The Falcon and The Winter Soldier: Truth – TV Review

TL;DR – It takes what could have been a boilerplate story, and elevates it with emotion and strength.

Rating: 4.5 out of 5.

Post-Credit Scene – There is a Mid-Credit Scene

Disclosure – I paid for the Disney+ subscription that viewed this episode.

The Falcon and The Winter Soldier: Truth. Image Credit: Disney+.

The Falcon and The Winter Soldier Review

If there is one running theme that we have been seeing so far in The Falcon and the Winter Soldier, actions have consequences that can ripple out. We have seen that pop up time and time again, but this week it reveals itself in sharp contrast after the events of The Whole World is Watching and the desecration of a symbol in a moment of anger.

So to set the scene, we pick up right after the closing frames of last week’s episode with John Walker (Wyatt Russell) running from the scene covered in blood and still brandishing the murder weapon. He is trying to justify the unjustifiable when Bucky (Sebastian Stan) and Sam (Anthony Mackie) catch up to him in a warehouse. They both know that after what happened and that John’s best case scenario at this point is that he is not court marshalled, but his tenure as Captain America is over. As they try to talk John down from the cliff and disarm him of his shield, John sees what they are doing and attacks without abandon. Now from here, we will be looking at the episode as a whole, so there will be some [SPOILERS] ahead. 

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The Falcon and The Winter Soldier: The Whole World is Watching – TV Review

TL;DR – This episode is like a storm approaching over the horizon. You see it coming, you feel the wind, you know something bad is about to strike, but you are not prepared even then.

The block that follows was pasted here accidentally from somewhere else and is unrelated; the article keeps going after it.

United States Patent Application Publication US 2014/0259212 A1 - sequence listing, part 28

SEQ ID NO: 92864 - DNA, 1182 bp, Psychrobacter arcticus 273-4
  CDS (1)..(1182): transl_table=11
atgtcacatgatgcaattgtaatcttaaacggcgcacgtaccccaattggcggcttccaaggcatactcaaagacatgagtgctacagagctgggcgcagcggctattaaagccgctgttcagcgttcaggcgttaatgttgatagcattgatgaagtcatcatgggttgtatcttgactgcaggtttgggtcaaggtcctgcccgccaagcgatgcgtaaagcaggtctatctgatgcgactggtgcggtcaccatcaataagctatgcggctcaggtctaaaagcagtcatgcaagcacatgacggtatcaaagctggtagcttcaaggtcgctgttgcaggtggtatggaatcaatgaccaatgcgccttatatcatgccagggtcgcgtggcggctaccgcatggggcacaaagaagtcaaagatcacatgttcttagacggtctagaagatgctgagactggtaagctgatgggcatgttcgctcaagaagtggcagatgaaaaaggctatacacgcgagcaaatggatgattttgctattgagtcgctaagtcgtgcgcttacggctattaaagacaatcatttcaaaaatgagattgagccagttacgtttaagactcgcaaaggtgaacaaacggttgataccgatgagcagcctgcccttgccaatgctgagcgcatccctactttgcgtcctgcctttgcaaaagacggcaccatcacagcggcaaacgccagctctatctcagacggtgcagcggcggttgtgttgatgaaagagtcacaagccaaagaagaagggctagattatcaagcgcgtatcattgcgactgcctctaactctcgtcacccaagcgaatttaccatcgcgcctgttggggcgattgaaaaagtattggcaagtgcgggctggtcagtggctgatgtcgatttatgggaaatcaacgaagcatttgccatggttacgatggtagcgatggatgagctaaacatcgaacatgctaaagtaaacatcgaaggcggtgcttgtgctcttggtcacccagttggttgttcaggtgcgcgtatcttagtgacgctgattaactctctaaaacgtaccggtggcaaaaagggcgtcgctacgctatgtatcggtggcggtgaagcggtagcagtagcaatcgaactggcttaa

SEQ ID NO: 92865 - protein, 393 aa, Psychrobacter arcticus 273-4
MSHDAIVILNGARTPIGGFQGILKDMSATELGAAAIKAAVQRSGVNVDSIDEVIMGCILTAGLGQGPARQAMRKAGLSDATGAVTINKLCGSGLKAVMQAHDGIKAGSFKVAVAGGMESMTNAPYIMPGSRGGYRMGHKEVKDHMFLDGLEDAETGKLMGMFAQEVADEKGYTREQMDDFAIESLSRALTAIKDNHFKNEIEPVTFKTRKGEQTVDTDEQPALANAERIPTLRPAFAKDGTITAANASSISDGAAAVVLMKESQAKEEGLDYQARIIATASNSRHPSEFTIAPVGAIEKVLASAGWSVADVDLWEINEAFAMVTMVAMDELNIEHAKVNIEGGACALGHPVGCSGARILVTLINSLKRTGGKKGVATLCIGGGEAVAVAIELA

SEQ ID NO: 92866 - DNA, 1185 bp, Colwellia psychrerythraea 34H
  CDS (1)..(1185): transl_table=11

Rating: 5 out of 5.

Post-Credit Scene – There is no End Credit Scene

Disclosure – I paid for the Disney+ subscription that viewed this episode.

The Falcon and The Winter Soldier: The Whole World is Watching. Image Credit: Disney+.

The Falcon and The Winter Soldier Review

Many people feel that comic book films are nothing but popcorn trash, just there to fill in time with some pretty colours and then send you on your way. However, when we look at just the Marvel Cinematic Universe [and there is a whole lot more than that], then that statement simply does not hold water. We just watched an entire season of WandaVision exploring the legacy of trauma and what that does to a person. I mean, Thor: Ragnarok is all about post-colonial societies and how they whitewash and inevitably have to rectify with the darkness of their pasts. Sometimes, that means tearing the state down completely. Then it should be no surprise that The Falcon and The Winter Soldier set in a world trying to recover from a great cataclysm would have something of relevance to say, and this week they were most explicit about it.